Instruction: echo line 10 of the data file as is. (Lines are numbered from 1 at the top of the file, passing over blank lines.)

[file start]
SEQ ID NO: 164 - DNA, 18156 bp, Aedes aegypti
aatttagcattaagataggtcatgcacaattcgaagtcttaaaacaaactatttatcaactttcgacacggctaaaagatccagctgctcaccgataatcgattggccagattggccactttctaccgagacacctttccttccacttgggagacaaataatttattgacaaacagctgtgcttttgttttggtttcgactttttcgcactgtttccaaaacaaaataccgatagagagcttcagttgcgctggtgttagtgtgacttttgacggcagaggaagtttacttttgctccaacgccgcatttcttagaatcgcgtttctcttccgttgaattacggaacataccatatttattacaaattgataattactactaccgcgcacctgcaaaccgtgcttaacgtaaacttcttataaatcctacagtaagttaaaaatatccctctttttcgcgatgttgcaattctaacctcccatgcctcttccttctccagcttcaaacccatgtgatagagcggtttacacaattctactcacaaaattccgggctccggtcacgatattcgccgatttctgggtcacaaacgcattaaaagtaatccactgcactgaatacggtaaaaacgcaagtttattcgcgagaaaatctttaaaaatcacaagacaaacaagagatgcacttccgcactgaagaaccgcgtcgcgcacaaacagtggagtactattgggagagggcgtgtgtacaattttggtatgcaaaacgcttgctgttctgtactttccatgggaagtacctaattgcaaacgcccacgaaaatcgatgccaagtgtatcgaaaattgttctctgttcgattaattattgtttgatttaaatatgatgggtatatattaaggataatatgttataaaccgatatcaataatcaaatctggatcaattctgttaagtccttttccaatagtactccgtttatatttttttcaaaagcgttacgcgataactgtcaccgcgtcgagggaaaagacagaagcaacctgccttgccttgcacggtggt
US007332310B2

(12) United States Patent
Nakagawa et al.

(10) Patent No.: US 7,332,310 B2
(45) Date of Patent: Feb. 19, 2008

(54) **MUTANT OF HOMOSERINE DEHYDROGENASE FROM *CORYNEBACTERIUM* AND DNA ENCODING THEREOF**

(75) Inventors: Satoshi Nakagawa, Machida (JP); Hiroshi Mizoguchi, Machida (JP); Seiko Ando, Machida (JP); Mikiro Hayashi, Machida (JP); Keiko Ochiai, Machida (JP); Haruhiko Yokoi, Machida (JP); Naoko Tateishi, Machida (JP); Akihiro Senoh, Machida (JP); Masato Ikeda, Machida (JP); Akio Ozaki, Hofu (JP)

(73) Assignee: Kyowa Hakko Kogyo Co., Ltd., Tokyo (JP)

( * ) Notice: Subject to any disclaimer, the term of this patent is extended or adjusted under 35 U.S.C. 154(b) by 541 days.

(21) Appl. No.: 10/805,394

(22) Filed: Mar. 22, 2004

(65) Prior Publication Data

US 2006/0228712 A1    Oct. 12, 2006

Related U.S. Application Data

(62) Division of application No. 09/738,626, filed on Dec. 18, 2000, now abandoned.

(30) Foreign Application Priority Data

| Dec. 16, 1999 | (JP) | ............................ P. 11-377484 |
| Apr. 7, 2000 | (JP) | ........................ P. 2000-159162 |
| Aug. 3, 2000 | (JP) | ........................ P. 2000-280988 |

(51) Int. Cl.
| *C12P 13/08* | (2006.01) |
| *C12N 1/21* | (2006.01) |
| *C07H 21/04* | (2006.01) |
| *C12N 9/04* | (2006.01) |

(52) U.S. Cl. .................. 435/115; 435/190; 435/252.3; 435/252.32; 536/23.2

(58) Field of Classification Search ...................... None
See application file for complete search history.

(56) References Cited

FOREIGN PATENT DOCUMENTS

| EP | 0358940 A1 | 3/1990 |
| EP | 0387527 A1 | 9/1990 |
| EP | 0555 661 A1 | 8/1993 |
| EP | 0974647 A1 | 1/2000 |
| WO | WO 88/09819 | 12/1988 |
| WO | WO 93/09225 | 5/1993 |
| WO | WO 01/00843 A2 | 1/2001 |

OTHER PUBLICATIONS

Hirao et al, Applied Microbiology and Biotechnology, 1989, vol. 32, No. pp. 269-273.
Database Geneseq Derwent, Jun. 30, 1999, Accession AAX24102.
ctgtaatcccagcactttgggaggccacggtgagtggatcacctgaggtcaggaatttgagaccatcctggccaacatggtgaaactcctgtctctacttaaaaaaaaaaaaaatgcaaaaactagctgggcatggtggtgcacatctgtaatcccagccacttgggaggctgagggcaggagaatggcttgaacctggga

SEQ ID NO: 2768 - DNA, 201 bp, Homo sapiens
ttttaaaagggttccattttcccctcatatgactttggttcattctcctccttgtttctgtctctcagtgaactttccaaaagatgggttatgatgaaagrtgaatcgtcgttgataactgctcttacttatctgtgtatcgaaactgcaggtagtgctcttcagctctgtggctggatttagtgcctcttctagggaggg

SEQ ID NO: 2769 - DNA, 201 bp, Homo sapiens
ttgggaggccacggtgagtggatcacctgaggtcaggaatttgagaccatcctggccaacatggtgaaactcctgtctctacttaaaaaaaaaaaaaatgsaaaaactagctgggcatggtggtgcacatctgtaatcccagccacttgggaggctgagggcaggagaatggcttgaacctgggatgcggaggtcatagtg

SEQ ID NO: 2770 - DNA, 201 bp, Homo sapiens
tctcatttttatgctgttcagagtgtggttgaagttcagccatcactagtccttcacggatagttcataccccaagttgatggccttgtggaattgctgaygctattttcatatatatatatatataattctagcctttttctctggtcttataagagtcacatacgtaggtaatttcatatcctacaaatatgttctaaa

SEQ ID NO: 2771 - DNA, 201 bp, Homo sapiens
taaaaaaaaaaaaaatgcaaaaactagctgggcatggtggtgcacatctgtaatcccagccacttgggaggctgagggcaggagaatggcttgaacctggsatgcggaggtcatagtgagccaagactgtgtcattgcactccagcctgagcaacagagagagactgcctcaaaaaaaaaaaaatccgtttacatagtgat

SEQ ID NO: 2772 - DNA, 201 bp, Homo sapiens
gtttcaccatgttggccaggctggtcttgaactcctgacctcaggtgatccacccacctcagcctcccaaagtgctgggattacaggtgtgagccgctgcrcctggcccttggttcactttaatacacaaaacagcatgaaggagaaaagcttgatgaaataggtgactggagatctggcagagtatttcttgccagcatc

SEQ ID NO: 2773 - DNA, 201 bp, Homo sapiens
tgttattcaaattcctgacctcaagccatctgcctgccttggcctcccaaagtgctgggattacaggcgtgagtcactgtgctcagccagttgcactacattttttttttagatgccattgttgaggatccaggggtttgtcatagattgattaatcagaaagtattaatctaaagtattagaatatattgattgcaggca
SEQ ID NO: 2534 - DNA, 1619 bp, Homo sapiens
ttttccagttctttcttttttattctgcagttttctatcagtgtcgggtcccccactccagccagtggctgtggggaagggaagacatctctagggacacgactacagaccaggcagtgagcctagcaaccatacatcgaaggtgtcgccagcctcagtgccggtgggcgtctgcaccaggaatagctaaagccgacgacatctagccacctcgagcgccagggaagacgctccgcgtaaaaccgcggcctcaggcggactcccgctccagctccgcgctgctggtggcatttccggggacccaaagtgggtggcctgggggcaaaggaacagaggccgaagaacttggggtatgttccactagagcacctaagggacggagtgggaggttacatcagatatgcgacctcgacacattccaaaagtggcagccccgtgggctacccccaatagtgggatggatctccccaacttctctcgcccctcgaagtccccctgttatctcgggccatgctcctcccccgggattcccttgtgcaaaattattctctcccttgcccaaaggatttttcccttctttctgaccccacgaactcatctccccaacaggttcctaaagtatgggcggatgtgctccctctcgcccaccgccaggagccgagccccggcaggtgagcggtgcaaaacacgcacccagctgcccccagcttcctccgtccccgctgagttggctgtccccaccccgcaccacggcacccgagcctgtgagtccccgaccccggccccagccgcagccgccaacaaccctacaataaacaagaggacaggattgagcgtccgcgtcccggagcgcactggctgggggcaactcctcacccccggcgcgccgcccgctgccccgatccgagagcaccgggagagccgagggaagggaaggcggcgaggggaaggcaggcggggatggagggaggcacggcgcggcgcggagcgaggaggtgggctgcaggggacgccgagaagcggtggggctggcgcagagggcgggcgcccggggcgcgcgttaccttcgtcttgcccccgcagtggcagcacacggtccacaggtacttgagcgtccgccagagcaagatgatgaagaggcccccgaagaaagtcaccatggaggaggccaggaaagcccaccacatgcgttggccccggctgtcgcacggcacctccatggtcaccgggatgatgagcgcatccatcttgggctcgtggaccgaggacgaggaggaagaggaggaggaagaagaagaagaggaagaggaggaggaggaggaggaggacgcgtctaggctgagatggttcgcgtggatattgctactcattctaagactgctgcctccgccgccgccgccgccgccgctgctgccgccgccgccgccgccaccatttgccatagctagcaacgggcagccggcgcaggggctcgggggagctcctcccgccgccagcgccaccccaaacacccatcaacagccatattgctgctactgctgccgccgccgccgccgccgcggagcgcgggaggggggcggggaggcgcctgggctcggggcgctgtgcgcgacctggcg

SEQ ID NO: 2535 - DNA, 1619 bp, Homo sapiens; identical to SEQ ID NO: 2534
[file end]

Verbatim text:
(73) Assignee: Kyowa Hakko Kogyo Co., Ltd., Tokyo (JP)